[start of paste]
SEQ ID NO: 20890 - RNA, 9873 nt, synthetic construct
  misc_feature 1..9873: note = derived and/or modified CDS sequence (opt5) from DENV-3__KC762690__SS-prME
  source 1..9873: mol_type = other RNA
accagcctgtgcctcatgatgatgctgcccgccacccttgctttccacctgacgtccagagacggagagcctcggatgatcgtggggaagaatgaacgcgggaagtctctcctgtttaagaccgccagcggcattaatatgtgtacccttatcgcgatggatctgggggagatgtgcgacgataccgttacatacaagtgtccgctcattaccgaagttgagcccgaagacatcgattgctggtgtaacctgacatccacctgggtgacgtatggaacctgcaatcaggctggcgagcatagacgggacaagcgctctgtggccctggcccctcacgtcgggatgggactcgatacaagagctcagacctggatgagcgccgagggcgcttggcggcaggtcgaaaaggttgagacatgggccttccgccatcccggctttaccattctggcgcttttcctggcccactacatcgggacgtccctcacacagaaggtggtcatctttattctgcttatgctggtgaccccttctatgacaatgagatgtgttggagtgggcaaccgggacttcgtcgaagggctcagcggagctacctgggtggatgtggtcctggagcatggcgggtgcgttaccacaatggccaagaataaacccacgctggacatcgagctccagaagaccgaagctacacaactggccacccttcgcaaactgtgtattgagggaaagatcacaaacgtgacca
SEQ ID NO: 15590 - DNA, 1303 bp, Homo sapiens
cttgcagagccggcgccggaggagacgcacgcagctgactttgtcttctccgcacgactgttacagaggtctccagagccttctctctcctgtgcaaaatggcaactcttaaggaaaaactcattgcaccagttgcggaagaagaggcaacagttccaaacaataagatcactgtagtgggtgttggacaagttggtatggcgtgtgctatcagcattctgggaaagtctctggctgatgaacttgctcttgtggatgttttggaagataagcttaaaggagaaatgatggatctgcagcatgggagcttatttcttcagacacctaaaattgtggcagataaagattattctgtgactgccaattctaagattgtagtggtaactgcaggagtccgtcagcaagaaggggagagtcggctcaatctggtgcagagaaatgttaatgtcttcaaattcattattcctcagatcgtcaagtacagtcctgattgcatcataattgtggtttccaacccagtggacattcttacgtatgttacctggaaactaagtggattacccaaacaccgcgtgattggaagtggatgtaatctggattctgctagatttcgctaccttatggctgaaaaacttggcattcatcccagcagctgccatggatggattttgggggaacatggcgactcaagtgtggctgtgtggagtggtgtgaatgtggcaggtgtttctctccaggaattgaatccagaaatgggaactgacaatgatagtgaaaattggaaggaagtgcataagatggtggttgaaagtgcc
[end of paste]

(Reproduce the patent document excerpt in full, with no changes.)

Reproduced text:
SEQ ID NO: 20890 - RNA, 9873 nt, synthetic construct
  misc_feature 1..9873: note = derived and/or modified CDS sequence (opt5) from DENV-3__KC762690__SS-prME
  source 1..9873: mol_type = other RNA
accagcctgtgcctcatgatgatgctgcccgccacccttgctttccacctgacgtccagagacggagagcctcggatgatcgtggggaagaatgaacgcgggaagtctctcctgtttaagaccgccagcggcattaatatgtgtacccttatcgcgatggatctgggggagatgtgcgacgataccgttacatacaagtgtccgctcattaccgaagttgagcccgaagacatcgattgctggtgtaacctgacatccacctgggtgacgtatggaacctgcaatcaggctggcgagcatagacgggacaagcgctctgtggccctggcccctcacgtcgggatgggactcgatacaagagctcagacctggatgagcgccgagggcgcttggcggcaggtcgaaaaggttgagacatgggccttccgccatcccggctttaccattctggcgcttttcctggcccactacatcgggacgtccctcacacagaaggtggtcatctttattctgcttatgctggtgaccccttctatgacaatgagatgtgttggagtgggcaaccgggacttcgtcgaagggctcagcggagctacctgggtggatgtggtcctggagcatggcgggtgcgttaccacaatggccaagaataaacccacgctggacatcgagctccagaagaccgaagctacacaactggccacccttcgcaaactgtgtattgagggaaagatcacaaacgtgacca
SEQ ID NO: 15590 - DNA, 1303 bp, Homo sapiens
cttgcagagccggcgccggaggagacgcacgcagctgactttgtcttctccgcacgactgttacagaggtctccagagccttctctctcctgtgcaaaatggcaactcttaaggaaaaactcattgcaccagttgcggaagaagaggcaacagttccaaacaataagatcactgtagtgggtgttggacaagttggtatggcgtgtgctatcagcattctgggaaagtctctggctgatgaacttgctcttgtggatgttttggaagataagcttaaaggagaaatgatggatctgcagcatgggagcttatttcttcagacacctaaaattgtggcagataaagattattctgtgactgccaattctaagattgtagtggtaactgcaggagtccgtcagcaagaaggggagagtcggctcaatctggtgcagagaaatgttaatgtcttcaaattcattattcctcagatcgtcaagtacagtcctgattgcatcataattgtggtttccaacccagtggacattcttacgtatgttacctggaaactaagtggattacccaaacaccgcgtgattggaagtggatgtaatctggattctgctagatttcgctaccttatggctgaaaaacttggcattcatcccagcagctgccatggatggattttgggggaacatggcgactcaagtgtggctgtgtggagtggtgtgaatgtggcaggtgtttctctccaggaattgaatccagaaatgggaactgacaatgatagtgaaaattggaaggaagtgcataagatggtggttgaaagtgcc